Worthily term'd them merciless to us!
For, ere the ships could meet by twice five leagues,
We were encounterd by a mighty rock;
Which being violently borne upon,
Our helpful ship was splitted in the midst;
So that, in this unjust divorce of us,
Fortune had left to both of us alike
What to delight in, what to sorrow for.
Her part, poor soul! seeming as burdened
With lesser weight but not with lesser woe,
Was carried with more speed before the wind;
And in our sight they three were taken up
By fishermen of Corinth, as we thought.
At length, another ship had seized on us;
And, knowing whom it was their hap to save,
Gave healthful welcome to their shipwreck'd guests;
And would have reft the fishers of their prey,
Had not their bark been very slow of sail;
And therefore homeward did they bend their course.
Thus have you heard me sever'd from my bliss;
That by misfortunes was my life prolong'd,
To tell sad stories of my own mishaps.

Solinus. And for the sake of them thou sorrowest for,
Do me the favour to dilate at full
What hath befall'n of them and thee till now.


5

I,1,142

Aegeon. My youngest boy, and yet my eldest care,
At eighteen years became inquisitive
After his brother: and importuned me
That his attendant—so his case was like,
Reft of his brother, but retain'd his name—
Might bear him company in the quest of him:
Whom whilst I labour'd of a love to see,
I hazarded the loss of whom I loved.
Five summers have I spent in furthest Greece,
Roaming clean through the bounds of Asia,
And, coasting homeward, came to Ephesus;
Hopeless to find, yet loath to leave unsought
Or that or any place that harbours men.
But here must end the story of my life;
And happy were I in my timely death,
Could all my travels warrant me they live.

Solinus. Hapless AEgeon, whom the fates have mark'd
To bear the extremity of dire mishap!
Now, trust me, were it not against our laws,
Against my crown, my oath, my dignity,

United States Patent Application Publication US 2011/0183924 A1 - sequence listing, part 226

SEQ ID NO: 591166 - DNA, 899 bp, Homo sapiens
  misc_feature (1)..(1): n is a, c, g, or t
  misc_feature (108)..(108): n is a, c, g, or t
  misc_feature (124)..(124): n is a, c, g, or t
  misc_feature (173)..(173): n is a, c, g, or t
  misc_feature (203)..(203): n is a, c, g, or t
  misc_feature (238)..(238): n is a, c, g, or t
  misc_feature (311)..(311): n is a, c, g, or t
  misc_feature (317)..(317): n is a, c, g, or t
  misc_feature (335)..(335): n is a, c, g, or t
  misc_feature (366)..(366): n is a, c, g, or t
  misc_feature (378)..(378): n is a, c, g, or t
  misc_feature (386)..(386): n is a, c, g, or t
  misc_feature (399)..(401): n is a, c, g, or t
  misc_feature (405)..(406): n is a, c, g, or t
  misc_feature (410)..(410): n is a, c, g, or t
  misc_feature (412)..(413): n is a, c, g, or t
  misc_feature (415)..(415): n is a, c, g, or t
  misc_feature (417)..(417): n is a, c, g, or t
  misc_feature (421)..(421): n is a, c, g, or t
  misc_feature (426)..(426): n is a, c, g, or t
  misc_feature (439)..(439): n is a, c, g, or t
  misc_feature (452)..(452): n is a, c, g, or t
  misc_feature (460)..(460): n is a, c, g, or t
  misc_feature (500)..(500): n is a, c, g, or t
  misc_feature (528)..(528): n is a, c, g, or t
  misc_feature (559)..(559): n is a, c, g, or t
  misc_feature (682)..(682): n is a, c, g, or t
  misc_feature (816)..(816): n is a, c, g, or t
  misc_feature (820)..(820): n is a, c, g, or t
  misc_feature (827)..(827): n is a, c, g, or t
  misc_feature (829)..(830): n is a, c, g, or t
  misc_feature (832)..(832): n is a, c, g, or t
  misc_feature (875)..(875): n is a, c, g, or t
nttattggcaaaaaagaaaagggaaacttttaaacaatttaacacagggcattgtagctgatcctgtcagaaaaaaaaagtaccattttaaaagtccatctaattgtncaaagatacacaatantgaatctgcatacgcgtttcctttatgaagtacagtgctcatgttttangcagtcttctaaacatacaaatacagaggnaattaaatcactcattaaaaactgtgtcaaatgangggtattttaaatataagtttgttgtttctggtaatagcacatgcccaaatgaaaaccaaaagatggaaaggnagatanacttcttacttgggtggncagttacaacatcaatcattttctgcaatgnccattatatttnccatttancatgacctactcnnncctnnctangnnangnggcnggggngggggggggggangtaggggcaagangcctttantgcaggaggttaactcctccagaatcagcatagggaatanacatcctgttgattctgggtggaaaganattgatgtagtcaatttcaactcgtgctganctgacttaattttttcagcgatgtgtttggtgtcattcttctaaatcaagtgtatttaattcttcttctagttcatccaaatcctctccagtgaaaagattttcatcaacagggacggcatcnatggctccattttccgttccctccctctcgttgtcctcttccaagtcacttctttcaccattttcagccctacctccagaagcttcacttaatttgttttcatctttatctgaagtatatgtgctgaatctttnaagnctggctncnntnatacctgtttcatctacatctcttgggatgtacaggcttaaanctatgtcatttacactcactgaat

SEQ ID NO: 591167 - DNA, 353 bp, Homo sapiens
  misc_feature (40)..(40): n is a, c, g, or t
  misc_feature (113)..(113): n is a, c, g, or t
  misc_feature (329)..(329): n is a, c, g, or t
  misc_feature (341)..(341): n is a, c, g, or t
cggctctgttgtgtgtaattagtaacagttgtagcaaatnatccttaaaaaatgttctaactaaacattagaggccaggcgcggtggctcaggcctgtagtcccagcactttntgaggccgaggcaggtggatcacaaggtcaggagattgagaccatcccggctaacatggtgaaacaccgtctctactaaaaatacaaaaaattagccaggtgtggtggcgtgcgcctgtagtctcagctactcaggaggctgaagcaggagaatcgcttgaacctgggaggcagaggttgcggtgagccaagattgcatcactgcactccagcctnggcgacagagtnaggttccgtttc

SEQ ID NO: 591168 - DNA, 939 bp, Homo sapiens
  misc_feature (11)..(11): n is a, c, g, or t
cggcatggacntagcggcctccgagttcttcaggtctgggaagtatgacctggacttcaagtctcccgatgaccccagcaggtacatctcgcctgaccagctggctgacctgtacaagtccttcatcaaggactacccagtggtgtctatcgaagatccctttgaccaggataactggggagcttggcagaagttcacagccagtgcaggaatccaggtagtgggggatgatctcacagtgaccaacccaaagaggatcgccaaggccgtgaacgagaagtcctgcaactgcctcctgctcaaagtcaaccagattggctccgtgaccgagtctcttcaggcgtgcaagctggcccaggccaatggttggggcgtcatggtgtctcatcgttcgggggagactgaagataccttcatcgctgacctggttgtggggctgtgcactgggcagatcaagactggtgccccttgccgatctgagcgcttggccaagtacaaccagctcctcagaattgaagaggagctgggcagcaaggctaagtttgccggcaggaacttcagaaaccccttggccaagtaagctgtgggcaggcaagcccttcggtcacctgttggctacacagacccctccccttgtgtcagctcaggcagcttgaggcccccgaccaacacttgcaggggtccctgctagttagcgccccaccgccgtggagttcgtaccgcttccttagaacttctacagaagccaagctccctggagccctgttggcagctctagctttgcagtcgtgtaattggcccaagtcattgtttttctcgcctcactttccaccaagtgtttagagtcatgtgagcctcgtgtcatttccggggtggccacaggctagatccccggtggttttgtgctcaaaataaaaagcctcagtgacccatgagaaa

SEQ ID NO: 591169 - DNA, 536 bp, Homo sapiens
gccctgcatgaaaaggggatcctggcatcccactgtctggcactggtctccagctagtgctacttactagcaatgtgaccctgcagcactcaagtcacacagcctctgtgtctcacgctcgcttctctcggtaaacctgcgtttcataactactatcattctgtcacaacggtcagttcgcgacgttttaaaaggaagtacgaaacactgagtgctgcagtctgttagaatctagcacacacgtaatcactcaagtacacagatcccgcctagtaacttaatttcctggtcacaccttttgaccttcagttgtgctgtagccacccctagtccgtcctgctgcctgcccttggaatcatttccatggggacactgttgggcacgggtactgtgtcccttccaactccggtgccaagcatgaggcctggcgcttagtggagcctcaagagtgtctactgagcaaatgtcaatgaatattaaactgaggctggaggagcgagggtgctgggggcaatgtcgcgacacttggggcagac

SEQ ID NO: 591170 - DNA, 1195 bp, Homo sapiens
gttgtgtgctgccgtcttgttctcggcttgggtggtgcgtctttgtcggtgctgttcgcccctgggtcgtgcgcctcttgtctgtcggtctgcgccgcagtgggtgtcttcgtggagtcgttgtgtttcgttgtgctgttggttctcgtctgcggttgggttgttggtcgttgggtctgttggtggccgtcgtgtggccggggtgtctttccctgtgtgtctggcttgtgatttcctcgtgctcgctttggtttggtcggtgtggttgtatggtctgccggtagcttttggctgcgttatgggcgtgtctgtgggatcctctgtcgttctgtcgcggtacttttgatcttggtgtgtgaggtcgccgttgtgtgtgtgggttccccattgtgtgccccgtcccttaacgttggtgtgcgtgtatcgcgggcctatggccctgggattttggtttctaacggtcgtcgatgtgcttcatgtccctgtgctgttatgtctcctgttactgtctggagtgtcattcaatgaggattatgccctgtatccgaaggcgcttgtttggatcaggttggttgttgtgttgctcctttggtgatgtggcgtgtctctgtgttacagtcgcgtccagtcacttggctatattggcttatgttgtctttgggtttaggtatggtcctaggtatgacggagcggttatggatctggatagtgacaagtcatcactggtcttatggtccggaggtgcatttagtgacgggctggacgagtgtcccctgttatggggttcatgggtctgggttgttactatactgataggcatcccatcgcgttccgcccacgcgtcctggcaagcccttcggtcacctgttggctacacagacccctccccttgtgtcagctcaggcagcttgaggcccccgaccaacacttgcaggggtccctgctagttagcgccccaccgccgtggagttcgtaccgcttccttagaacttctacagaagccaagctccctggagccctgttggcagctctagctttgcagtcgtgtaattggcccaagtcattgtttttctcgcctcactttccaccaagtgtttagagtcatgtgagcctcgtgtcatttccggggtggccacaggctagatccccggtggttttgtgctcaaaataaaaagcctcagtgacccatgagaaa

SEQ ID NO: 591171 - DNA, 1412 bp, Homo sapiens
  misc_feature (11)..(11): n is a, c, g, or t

Which princes, would they, may not disannul,
My soul would sue as advocate for thee.
But, though thou art adjudged to the death
And passed sentence may not be recall'd
But to our honour's great disparagement,
Yet I will favour thee in what I can.
Therefore, merchant, I'll limit thee this day
To seek thy life by beneficial help:
Try all the friends thou hast in Ephesus;
Beg thou, or borrow, to make up the sum,
And live; if no, then thou art doom'd to die.
Gaoler, take him to thy custody.


6

V,1,1564

Luciana. Kneel to the duke before he pass the abbey.
[Enter DUKE SOLINUS, attended; AEGEON bareheaded; with the]
Headsman and other Officers]

Solinus. Yet once again proclaim it publicly,
If any friend will pay the sum for him,
He shall not die; so much we tender him.


7

V,1,1568

Adriana. Justice, most sacred duke, against the abbess!

Solinus. She is a virtuous and a reverend lady:
It cannot be that she hath done thee wrong.


8

V,1,1595

Adriana. May it please your grace, Antipholus, my husband,
Whom I made lord of me and all I had,
At your important letters,—this ill day
A most outrageous fit of madness took him;
That desperately he hurried through the street,
With him his bondman, all as mad as he—
Doing displeasure to the citizens
By rushing in their houses, bearing thence
Rings, jewels, any thing his rage did like.
Once did I get him bound and sent him home,
Whilst to take order for the wrongs I went,
That here and there his fury had committed.
Anon, I wot not by what strong escape,
He broke from those that had the guard of him;
And with his mad attendant and himself,
Each one with ireful passion, with drawn swords,
Met us again and madly bent on us,
Chased us away; till, raising of more aid,
We came again to bind them. Then they fled
Into this abbey, whither we pursued them:
And here the abbess shuts the gates on us
And will not suffer us to fetch him out,
Nor send him forth that we may bear him hence.
Therefore, most gracious duke, with thy command
Let him be brought forth and borne hence for help.

Solinus. Long since thy husband served me in my wars,
And I to thee engaged a prince's word,
When thou didst make him master of thy bed,
To do him all the grace and good I could.
Go, some of you, knock at the abbey-gate
And bid the lady abbess come to me.
I will determine this before I stir.


9

V,1,1621